World View: Egyptian Police Ambushed and Killed by Muslim Brotherhood-Linked Hasm Movement

An Egyptian policeman stands guard on Cairo's landmark Tahrir Square on January 25, 2017, during celebrations marking the sixth anniversary of the 2011 uprising that overthrew former Egyptian president Hosni Mubarak

This morning’s key headlines from

  • Dozens of Egyptian police massacred in ambush by jihadists
  • Officials point to Hasm Movement, armed wing of Muslim Brotherhood

Dozens of Egyptian police massacred in ambush by jihadists

The al-Bahariya Oasis, in the desert region where the ambush occurred
The al-Bahariya Oasis, in the desert region where the ambush occurred

In the largest terrorist attack against Egypt’s security forces in decades, as many as 55 policemen were killed in a sophisticated ambush by militants on Friday evening. A large police convoy in four SUVs were traveling to the al-Bahariya Oasis in the vast desert expanse in Giza province southwest of Cairo, based on intelligence that there was a secret terrorist hideout there.

The whole thing was apparently a setup, as the militants were prepared for the arrival of the policemen. When the convoy arrived, dozens of militants opened up with heavy machine guns, recoilless grenades and mortars, and detonated roadside bombs. The Egyptian air force was not called in, leading to suspicions that the militants had penetrated Egypt’s security forces.

Militancy has been growing and spreading in Egypt. In the past year, militants have killed hundreds of Egyptian security forces and judges, and have targeted minority Christian communities and bombed churches in Cairo, Alexandria and other areas. This insurgency has continued and grown, even as Egypt’s military and police forces claim to have killed thousands of suspected terrorists. Daily News Egypt and AP and Washington Post and Debka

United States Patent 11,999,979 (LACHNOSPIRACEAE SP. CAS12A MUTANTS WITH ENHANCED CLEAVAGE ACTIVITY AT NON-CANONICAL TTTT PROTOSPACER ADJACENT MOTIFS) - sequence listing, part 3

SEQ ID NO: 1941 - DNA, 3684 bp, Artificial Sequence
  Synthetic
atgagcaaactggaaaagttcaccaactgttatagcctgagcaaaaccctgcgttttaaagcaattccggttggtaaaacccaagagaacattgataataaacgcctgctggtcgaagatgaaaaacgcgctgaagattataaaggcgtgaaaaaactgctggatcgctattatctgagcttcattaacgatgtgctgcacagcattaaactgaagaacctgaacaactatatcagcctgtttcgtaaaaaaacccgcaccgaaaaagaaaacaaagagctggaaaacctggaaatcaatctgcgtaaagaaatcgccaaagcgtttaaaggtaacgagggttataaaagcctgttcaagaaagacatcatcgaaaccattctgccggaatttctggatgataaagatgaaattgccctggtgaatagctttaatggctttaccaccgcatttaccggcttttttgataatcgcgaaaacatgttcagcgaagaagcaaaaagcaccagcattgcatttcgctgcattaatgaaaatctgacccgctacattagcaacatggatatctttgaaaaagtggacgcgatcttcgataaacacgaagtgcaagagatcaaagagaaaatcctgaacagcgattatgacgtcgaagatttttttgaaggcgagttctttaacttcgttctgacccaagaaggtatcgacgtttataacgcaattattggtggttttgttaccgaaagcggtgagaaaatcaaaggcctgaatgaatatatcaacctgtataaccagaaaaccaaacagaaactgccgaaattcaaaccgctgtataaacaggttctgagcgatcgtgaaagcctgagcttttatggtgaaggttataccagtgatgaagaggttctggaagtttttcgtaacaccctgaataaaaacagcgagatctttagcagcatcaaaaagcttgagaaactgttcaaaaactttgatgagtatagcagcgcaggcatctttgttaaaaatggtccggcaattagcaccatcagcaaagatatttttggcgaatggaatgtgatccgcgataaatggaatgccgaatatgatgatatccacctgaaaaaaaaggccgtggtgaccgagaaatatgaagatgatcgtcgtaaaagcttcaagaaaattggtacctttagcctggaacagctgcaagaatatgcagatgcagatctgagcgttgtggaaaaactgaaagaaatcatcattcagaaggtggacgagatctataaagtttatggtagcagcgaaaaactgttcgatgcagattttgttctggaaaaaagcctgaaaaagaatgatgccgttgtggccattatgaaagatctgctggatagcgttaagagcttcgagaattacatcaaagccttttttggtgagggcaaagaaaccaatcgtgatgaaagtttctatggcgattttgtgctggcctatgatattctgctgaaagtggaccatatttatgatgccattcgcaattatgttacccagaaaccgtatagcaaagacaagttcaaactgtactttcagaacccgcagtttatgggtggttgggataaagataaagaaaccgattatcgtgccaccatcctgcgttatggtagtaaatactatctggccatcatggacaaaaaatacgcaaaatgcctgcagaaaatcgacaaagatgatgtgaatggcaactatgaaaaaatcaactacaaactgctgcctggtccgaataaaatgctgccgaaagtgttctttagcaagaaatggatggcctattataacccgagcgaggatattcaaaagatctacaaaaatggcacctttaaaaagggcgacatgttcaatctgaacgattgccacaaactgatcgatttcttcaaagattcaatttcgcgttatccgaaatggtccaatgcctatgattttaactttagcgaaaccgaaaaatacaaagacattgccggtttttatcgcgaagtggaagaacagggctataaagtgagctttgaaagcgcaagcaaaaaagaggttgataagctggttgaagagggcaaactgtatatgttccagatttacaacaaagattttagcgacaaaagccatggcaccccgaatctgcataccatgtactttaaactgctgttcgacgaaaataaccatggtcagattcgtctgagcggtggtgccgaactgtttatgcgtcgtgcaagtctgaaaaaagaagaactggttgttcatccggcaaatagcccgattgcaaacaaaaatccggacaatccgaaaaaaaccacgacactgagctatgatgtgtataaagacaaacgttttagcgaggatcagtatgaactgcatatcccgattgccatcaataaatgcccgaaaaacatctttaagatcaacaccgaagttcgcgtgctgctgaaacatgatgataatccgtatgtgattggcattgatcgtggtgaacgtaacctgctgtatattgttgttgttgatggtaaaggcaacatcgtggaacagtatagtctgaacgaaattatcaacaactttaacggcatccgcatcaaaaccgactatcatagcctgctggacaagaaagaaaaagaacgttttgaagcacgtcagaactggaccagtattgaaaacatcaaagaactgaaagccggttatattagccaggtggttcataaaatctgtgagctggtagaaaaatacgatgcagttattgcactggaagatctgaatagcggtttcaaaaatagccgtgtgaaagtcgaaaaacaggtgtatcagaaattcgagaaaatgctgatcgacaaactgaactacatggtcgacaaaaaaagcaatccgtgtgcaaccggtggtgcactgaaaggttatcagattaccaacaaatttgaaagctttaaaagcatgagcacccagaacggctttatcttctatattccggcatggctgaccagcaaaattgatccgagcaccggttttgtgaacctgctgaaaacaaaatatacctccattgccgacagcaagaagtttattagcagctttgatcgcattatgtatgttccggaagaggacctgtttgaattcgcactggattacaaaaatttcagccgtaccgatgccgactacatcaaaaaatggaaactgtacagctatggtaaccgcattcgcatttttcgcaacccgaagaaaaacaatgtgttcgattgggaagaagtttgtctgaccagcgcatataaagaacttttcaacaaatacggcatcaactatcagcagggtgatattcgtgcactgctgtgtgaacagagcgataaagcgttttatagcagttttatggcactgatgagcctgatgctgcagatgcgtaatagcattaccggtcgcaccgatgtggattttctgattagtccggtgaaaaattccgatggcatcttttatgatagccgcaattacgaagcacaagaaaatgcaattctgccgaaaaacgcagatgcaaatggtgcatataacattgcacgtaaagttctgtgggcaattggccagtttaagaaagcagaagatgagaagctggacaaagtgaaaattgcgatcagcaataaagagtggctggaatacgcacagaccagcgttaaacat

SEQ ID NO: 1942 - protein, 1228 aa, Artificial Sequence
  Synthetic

Officials point to Hasm Movement, armed wing of Muslim Brotherhood

No one has claimed responsibility for Friday evening’s ambush, but it’s believed that the perpetrators were the Hasm Movement, which is believed to be the armed wing of the Muslim Brotherhood, although MB officials deny a connection. The Muslim Brotherhood in Egypt was violent for decades, but renounced violence in the 1970s. If Hasm is linked to the Muslim Brotherhood, it would represent a return to violence for the organization.

“Hasm” in Arabic means “decisiveness” or “termination,” but the name of the group may be also an acronym of Arabic phrase “Harakat Sawa’d Misr,” which literally means “Arms of Egypt Movement.” It first emerged publicly when it claimed credit for an attack on a police officer on July 18, 2016. Since then, the group has claimed credit for a number of deadly attacks on security forces and assassinations of public figures.

Egypt’s president Abdel Fattah al-Sisi has cracked down extremely harshly on Muslim Brotherhood members, jailing thousands of them and subjecting many to torture, since, as an army general, al-Sisi led an army coup overthrowing the democratically elected but incompetently governing Mohammed Morsi, and his Muslim Brotherhood ministers.

Although the Muslim Brotherhood still claims to be a non-violent political organization, there’s little doubt that al-Sisi’s harsh, bloody atrocities committed against Brotherhood members has radicalized some of the younger members, and that may be the genesis of the Hasm Movement, though that hasn’t been proven.

Al-Sisi has his hands full with the Bedouin-based Sinai terrorist group Ansar Bayt al-Maqdis (ABM – Ansar Jerusalem – Champions of Jerusalem), which changed its name to al-Wilayat Sinai (Province of Sinai) when it changed its allegiance in 2015 from al-Qaeda to the so-called Islamic State (IS or ISIS or ISIL or Daesh).

Al-Sisi has conducted a scorched earth counter-insurgency approach to ABM, which takes advantage of the deeply alienated Bedouin population. However, ABM’s appeal among ordinary Egyptians has been limited because of its ruthless attacks on ordinary civilians.

The Hasm Movement has apparently learned from ABM’s experience. Hasm have been avoiding attacks on civilians, and have been targeting policemen, security officials and government officials, so that they may be able to gain greater traction among the Egyptian people than ABM has been able to do. Deutsche Welle and Jamestown (21-Apr) and International Institute for Counter-Terrorism and Al-Jazeera

Related Stories

KEYS: Generational Dynamics, Egypt, al-Bahariya Oasis, Abdel-Fattah al-Sisi, Hasm Movement, Arms of Egypt Movement, Mohammed Morsi, Muslim Brotherhood, Ansar Jerusalem, Ansar Bayt al Maqdis, ABM, Champions of Jerusalem, Bedouins, Sinai Province, Al Wilayat Sinai
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